Day 31 Race Report

Posted on July 10, 2014 in Battleborn, Boatylicious, CC4 Pacific, Elsa Hammond, Fat Chance, General, Great Pacific Race 2014, NOMAN, Pacific Warriors, Uniting Nations


LEAD BOATS: Winds from the ENE @ 12 to 16 knots. Seas from the ENE moving to the SW @ 6 feet / 6-15 seconds.
MIDDLE BOATS: Winds from the NE clocking to the ENE @ 9 to 12 knots. Seas from the WNW moving to the NNW @ 5 feet / 10 seconds.
BACK OF THE FLEET BOATS: Winds from the NNW clocking to the NW @ 6 to 10 knots. Seas from the S moving to the NW @ 5 feet / 9-13 seconds.

Race Director Chris Martin has been crunching the numbers to find reasons why there are differences between the speed of the crews with a special focus on the differences between night and day time rowing.

Average night time speed

Average daytime speed

Average day time speed
shown as a percentage of the
Average night time speed

 CC4 Pacific




 Fat Chance








 Pacific Warriors












 Uniting Nations




After looking at these figures we came to the following conclusions:

  • Fat Chance Row on Roosevelt are significantly faster in the day than the night.  This is no surprise there as we know they are both sleeping at night and both rowing during the day. However, during the night Roosevelt is being blown by the wind/wafted by the waves faster than CC4 Pacific on La Cigogne who have one crew member rowing on the oars during the night.  Due to the different design of these two boats, there are separate classes for Open Pairs and Classic Pairs. (Click here for more information.)  Also because of their sleep pattern it means that Sami and Meredith wake up in the morning refreshed after a full nights’ sleep and so are able to pull harder on the oars during the day.
  • Battleborn on Patience and Pacific Warriors on Limited Intelligence row at about the same speed during the day and the night. The design of their boats, however are quite different.  Limited Intelligence has a hull that is a full 5ft longer than that the 24ft hull of Patience. This longer hull means the boat weighs more and has a greater wetted area (generating more friction) meaning she moves slower through the water for the same amount of effort but providing more storage space which is invaluable for four person teams.
  • NOMAN on Isabel and to a lesser extent Boatylicious on Black Oyster, as well as both of our pairs teams (discussed above) are slower during the night than the day.  This could be down to the natural diurnal rhythm of the rowers and the natural release of Melatonin by the rower’s bodies in their making them feel more tired at night and less inclined to pull hard on the oars.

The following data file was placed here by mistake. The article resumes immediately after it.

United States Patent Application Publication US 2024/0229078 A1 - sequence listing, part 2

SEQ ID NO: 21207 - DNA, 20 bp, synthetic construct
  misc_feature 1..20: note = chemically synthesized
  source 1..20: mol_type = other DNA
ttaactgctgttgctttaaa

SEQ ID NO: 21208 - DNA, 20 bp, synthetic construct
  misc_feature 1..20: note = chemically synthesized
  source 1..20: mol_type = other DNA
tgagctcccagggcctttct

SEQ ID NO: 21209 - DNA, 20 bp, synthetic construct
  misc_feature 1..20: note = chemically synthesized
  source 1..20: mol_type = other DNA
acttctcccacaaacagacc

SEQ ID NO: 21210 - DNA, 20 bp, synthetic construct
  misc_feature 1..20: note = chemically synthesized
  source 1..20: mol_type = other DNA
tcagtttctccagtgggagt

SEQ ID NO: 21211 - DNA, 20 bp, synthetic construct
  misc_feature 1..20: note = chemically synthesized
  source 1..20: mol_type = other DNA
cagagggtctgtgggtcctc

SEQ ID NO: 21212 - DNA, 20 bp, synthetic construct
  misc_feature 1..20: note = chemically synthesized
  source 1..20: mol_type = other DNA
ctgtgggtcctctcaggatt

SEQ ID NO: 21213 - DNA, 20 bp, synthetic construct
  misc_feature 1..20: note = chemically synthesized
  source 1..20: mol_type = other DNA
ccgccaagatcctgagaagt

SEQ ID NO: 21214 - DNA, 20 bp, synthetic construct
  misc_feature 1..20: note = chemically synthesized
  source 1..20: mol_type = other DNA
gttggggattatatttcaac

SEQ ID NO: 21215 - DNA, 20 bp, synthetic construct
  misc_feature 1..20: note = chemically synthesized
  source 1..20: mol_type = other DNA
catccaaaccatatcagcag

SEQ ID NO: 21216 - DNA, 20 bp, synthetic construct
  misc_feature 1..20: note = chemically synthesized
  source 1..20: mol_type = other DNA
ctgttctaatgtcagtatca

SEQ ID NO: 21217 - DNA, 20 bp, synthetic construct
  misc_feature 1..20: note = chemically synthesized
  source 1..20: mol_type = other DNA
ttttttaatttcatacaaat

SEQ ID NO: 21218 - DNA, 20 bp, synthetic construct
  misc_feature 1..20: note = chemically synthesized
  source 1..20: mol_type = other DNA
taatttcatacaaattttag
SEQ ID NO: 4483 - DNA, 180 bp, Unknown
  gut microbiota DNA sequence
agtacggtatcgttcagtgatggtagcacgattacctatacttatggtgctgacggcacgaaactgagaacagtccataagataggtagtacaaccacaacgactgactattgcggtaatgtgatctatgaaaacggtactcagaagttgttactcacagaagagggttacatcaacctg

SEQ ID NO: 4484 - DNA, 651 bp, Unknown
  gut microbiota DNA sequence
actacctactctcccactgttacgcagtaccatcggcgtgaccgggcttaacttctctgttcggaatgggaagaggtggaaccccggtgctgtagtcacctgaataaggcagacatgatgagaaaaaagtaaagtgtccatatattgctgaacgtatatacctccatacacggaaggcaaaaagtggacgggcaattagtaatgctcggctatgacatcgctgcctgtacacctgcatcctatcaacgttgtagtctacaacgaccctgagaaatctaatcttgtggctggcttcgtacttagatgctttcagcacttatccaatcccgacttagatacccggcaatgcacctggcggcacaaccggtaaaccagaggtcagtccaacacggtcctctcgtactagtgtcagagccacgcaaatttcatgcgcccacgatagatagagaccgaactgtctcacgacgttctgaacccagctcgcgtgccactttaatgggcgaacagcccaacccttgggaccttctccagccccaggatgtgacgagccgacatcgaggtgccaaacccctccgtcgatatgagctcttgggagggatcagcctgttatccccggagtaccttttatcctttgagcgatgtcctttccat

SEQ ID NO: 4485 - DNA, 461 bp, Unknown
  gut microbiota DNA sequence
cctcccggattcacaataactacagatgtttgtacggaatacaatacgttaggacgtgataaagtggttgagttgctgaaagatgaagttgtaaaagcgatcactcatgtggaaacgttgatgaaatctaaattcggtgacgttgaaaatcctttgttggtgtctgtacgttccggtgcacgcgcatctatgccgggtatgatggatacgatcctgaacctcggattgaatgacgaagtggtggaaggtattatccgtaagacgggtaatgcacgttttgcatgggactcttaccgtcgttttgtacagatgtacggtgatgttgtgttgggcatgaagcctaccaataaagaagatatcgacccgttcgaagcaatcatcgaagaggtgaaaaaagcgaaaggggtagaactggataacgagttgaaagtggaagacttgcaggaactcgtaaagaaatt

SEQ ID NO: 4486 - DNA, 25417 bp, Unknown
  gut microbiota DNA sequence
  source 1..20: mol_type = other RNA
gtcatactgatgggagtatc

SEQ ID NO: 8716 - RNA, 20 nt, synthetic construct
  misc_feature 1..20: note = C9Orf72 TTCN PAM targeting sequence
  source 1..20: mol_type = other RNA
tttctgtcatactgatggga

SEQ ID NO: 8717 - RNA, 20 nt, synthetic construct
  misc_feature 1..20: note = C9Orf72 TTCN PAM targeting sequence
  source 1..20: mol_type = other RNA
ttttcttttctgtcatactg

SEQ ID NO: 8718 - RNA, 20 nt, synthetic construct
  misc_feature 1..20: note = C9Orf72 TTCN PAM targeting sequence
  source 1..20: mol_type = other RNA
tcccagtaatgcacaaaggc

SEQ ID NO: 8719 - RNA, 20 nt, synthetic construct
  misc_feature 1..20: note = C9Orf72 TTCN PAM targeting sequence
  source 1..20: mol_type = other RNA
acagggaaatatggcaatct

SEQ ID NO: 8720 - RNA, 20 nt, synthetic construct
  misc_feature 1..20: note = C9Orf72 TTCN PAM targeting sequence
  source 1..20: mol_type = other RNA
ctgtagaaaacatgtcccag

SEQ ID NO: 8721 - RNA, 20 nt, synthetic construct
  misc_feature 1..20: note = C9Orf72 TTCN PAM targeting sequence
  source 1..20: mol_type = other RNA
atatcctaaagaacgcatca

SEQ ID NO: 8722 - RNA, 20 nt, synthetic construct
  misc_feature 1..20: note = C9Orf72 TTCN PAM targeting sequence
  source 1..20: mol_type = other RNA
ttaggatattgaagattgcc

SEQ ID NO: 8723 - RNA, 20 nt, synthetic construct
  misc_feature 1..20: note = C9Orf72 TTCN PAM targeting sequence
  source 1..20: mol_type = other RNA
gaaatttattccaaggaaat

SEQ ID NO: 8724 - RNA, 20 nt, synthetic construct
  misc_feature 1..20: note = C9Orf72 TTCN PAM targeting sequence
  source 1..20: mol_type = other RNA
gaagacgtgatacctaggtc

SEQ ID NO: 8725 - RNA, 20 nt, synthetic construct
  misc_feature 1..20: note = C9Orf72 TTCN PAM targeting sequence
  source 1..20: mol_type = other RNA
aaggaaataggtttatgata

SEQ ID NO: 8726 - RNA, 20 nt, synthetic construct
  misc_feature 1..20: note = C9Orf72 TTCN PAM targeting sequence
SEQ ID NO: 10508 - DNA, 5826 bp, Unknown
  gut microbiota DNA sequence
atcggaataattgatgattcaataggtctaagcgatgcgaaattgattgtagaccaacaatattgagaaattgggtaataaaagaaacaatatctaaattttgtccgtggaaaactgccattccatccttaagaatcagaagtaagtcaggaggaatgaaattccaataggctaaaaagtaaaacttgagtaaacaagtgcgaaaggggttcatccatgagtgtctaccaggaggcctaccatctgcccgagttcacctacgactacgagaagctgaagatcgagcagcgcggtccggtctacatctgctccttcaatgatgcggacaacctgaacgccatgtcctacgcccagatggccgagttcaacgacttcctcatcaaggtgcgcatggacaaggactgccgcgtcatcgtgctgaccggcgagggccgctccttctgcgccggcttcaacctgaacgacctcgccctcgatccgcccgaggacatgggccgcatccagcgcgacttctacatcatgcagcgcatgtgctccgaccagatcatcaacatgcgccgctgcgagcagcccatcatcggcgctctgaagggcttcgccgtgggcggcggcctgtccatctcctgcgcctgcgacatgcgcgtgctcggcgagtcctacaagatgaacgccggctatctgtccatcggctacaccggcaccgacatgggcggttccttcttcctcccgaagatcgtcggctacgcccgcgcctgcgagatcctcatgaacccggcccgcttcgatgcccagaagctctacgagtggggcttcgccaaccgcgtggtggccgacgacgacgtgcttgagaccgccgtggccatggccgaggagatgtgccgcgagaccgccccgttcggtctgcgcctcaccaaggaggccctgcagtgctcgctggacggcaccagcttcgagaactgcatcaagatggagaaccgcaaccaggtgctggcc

• Uniting Nations on Danielle is actually faster during the night than they are during the day.  It is possible that they are focusing on resting and sleeping as much as possible during the day so they feel more alert during the night.


We’ve already touched on how the speed of the boat is influenced by various factors such as the strength of the crew and the boat design.  On today’s Battleborn show on the radio broadcast from FlashFM Oxford, there was much discussion about the difference between a v-bottom boat such as La Cigogne (CC4 Pacific) or Limited Intelligence (Pacific Warriors) and a flat bottom boat such as Roosevelt (Fat Chance Row). The v-shaped boat, dipping deeper into the water, is better in heavier weather.  A flat bottom boat tends to roll more making application of rowing effort more difficult.  It can also “plane” or surf down the face of a wave easier when traveling with the waves and has a lower wetted area which generates less friction and will travel further for the same amount of effort.  Fat Chance’s boat Roosevelt is also lighter in weight than other teams. This again means they travel further for less effort. As our teams get further into the trades and calmer seas, it will be interesting to continue to crunch these numbers to see if these theories persist.

All the boats within the individual classes are of the same design. Therefore, the fact that Uniting Nations continues to pull away and NOMAN continues to catch up to Team Battleborn leads us to conclude that it is rowing skill and physical strength of the crews that is making the differences in speed.

Once again, we are seeing that in the last 24 hours, Uniting Nations is pulling further ahead of Team Battleborn and NOMAN is inching closer to Team Battleborn.  The most impressive gain, however, was by our ladies on Team Boatylicious.  Through a combination of speed and by subtly changing their course they have put an additional 19 NM between them and CC4 Pacific. Team Boatylicious also logged their highest 24 hour number to date at 45 NM in that period.  Nice work girls!

We also have another team over the half way mark as NOMAN have rowed down to only 1031 NM to go to reach Hawaii. We congratulate them on achieving this milestone.

Solo Racers:
Project Flight Plan: Withdrawn
Rowing 4 Reefs: Retired
Elsa Hammond: ROWING – Position 8; 2040 NM to finish, Rowed 526 NM
Row for Hope: Retired

Pair Racers:
Clearly Contacts CA: Withdrawn
CC4 Pacific: ROWING – Position 7; 1482 NM to finish, Rowed 961 NM
Fat Chance: ROWING – Position 5; 1348 NM to finish, Rowed 1071 NM

Four Person Teams:
Battleborn: ROWING – Position 2; 817 NM to finish, Rowed 1483 NM
Boatylicious: ROWING – Position 6; 1403 NM to finish, Rowed 906 NM
NOMAN: ROWING – Position 3; 1031 NM to finish, Rowed 1301 NM
Pacific Rowers: Retired
Pacific Warriors: ROWING – Position 4; 1195 NM to finish, Rowed 1139 NM
Uniting Nations: ROWING – Position 1; 621 NM to finish, Rowed 1656 NM